Kai-Steffan will join the other instructors in the classroom before getting ready to put the theories to practice in the saddle. He and Leslie Law will ride a selection of young horses, discuss their strengths and weaknesses and suggest training methods tailored to each horse’s needs.

Marilyn explained that it is not uncommon for judges to see nice horses that are not being shown to their potential and therefore not scored as high as they could be.

“We want to help the breeders, riders and trainers and give them ideas of how to bring along a young horse,” Marilyn said. “We want to try to show people how to bring out the best in each horse, how to develop the gallop, improve gaits and jumping style and technique, and improve the horse’s instinct and quickness.”

Susan said that it is important for the FEH and YEH programs to complement one another and support owners and breeders throughout a young horse’s development. “We need to make sure that education for breeders is a specialized one to help them produce the best baby they can, not only in what they choose to breed but also how to raise and handle them,” Susan said.

Providing a comprehensive two days of young horse education, the symposium will even cover animal health and how it relates to evaluation and training. Daniel Marks, VDM will consider the biomechanics and conformation of horses and how that translates to their physical potential and the ability to do their job.

Dr. Gary Spurlock and Dr. Shauna Spurlock will help owners and breeders understand the growth phase and how nutrition and farrier work comes into play so that by the time their babies are ready to enter the YEH ranks, they have been produced well in every aspect of growth.

Will Coleman and Don Dante at the East Coast Young Event Horse Championships at Fair Hill. Photo by Sally Spickard.

Will Coleman and Don Dante at the East Coast Young Event Horse Championships at Fair Hill. Photo by Sally Spickard.

From yearlings to five-year-olds and beyond, there is a lot of information to glean from the professional panel lined up for the symposium. With winter in full swing, you might consider an extended trip to Florida to attend the symposium as well as enjoy all Ocala has to offer this time of year. Here is a possible schedule of activities suggested by YEH Committee Co-Chair Timothy Holekamp.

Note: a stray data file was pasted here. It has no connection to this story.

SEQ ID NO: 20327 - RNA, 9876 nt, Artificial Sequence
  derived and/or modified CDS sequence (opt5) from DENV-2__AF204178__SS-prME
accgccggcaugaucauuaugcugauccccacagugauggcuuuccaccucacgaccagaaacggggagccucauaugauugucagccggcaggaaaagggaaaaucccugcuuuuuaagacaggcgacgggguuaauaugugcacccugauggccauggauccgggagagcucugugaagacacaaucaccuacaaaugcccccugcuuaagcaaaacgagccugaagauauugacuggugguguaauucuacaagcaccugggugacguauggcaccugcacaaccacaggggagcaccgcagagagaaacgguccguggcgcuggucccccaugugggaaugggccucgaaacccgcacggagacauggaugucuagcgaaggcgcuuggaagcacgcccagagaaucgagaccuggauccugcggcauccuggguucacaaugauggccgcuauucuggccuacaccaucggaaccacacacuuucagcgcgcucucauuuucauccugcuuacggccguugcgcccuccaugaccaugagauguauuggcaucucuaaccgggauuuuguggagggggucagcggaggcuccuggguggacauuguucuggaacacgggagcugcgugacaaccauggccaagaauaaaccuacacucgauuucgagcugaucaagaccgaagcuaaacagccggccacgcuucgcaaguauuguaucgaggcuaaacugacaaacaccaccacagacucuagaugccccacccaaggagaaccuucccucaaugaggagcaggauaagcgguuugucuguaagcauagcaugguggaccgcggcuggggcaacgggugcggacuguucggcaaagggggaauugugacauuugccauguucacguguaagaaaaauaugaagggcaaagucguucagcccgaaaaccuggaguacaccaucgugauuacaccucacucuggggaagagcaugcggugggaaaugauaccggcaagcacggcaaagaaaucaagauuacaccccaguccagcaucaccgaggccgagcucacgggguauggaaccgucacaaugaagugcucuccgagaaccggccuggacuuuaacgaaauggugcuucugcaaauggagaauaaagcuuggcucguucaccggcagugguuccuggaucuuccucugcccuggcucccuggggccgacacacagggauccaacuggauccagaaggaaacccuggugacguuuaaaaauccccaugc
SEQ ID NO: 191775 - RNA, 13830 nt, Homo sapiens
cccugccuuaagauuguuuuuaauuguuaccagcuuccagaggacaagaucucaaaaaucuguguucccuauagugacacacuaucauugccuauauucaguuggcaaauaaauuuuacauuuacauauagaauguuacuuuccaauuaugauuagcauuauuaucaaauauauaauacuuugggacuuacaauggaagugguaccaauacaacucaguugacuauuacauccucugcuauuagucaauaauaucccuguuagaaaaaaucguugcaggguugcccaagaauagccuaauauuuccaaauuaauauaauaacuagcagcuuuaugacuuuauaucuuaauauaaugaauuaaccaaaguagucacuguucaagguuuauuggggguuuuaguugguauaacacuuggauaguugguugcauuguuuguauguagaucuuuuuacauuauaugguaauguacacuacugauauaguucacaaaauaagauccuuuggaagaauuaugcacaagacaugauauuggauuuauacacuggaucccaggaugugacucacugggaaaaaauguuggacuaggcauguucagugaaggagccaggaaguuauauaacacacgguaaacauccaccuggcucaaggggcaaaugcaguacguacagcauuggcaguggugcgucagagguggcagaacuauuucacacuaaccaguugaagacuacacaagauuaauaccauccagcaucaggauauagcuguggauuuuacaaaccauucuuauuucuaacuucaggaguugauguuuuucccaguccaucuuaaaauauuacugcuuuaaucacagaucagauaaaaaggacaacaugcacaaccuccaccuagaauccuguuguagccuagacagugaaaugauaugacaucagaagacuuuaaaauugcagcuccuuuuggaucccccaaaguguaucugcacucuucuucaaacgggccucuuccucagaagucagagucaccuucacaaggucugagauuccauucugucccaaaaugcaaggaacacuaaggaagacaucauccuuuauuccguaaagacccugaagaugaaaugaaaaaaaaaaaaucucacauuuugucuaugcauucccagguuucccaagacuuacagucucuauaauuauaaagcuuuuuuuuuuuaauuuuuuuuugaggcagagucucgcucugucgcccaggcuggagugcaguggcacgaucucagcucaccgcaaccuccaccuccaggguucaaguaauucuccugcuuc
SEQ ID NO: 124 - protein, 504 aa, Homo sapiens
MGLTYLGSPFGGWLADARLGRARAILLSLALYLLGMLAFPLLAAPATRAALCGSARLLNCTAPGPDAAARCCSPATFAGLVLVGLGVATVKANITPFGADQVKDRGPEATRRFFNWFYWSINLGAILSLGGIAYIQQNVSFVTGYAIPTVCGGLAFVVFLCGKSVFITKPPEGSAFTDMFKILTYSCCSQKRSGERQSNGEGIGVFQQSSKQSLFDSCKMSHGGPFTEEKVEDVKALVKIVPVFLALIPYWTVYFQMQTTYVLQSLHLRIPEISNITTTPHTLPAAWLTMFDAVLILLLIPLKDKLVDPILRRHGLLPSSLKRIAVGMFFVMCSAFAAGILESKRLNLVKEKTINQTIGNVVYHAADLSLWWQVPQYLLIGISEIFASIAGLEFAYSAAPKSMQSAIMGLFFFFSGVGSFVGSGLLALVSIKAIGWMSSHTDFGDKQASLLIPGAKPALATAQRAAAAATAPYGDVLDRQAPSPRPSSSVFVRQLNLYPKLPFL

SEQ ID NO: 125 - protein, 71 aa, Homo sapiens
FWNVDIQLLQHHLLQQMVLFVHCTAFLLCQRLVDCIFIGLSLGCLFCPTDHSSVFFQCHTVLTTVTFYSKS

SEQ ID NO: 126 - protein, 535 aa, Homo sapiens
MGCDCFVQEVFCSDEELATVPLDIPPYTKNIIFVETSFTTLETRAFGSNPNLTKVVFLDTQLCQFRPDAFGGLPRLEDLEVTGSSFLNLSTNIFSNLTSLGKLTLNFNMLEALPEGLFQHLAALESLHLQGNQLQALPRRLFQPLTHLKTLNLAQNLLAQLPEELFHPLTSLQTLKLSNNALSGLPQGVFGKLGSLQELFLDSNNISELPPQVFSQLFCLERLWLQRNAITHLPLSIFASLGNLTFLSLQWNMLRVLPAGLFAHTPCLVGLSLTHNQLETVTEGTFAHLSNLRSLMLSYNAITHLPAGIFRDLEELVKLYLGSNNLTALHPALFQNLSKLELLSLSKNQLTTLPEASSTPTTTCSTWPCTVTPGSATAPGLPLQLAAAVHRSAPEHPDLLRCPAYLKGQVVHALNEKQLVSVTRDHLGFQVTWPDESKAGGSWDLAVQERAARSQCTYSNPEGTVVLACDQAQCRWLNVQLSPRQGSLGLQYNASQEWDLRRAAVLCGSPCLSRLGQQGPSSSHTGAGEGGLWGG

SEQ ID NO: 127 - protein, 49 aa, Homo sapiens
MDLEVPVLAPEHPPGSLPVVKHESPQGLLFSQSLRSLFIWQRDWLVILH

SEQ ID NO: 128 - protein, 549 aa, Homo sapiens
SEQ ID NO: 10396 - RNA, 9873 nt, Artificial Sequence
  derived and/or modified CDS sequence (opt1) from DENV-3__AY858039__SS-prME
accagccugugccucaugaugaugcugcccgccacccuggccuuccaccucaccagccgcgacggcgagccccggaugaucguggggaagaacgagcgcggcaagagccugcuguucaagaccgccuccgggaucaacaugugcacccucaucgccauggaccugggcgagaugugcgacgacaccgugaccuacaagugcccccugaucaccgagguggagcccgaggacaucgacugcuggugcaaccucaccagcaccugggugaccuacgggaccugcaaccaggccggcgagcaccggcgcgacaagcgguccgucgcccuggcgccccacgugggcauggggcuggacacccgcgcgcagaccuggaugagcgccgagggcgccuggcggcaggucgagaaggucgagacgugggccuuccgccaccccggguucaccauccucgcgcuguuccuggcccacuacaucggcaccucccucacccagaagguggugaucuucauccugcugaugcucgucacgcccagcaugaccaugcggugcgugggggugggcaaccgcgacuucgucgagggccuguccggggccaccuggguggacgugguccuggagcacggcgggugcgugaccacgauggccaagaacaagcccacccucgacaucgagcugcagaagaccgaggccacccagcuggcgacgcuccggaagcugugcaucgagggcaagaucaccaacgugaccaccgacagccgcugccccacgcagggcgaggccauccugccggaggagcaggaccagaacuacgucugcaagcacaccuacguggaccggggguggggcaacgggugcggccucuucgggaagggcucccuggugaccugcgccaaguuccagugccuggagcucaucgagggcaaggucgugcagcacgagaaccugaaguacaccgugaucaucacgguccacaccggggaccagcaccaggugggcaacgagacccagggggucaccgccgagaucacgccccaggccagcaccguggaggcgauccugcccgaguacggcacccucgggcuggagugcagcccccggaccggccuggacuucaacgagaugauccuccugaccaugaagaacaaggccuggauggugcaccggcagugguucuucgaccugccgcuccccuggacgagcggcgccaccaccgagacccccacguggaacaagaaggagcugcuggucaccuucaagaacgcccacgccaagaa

• Thursday February 18 to Sunday February 21 is the Rocking Horse Winter II Horse Trials, which typically boasts near 500 entries from Beginner Novice through Advanced with a significant attendance by our country’s top riders and many emerging talents, both four-legged and two.
  • Monday, February 22: Future Event Horses will be featured during the symposium on this day, with FEH Committee members Robin Walker and Susan Graham-White discussing conformation, movement and teaching a practical lesson in preparing young horses for free jumping.
  • Tuesday, February 23: Through a combination of classroom sessions  at the Ocala Jockey Club with multiple teachers and practical demonstrations at Longwood Farm using a variety of young horses, attendants will receive a comprehensive overview of the relationship between young horses and the sport of eventing.
  •  Wednesday, February 24: This will be a one day YEH judges’ seminar and certification day taught by Marilyn Payne. This session is open to new judge candidates and will serve as an important refresher course for currently certified YEH judges. However, auditors are welcome to observe, which may provide for valuable insight to the process and purpose of young event horse judging.
  • February 23-24: Make time to stop by the High Performance training sessions at Meredyth South, adjacent to Longwood Farm, where the country’s top riders will be working with David O’Connor to prepare for the 2016 season.
  • Thursday, February 25: Here are four things you MUST do while you’re in Ocala.
  • Friday February 26 to Sunday February 29: Head to Live Oak Farm to watch a major competition for our sister sport of combined driving as well as a $50,000 CSI.

Attendance for the symposium will cost a small fee of $25.00 for USEA members, and $50.00 for non-members. Click here for an online registration form. More information about the symposium is available here.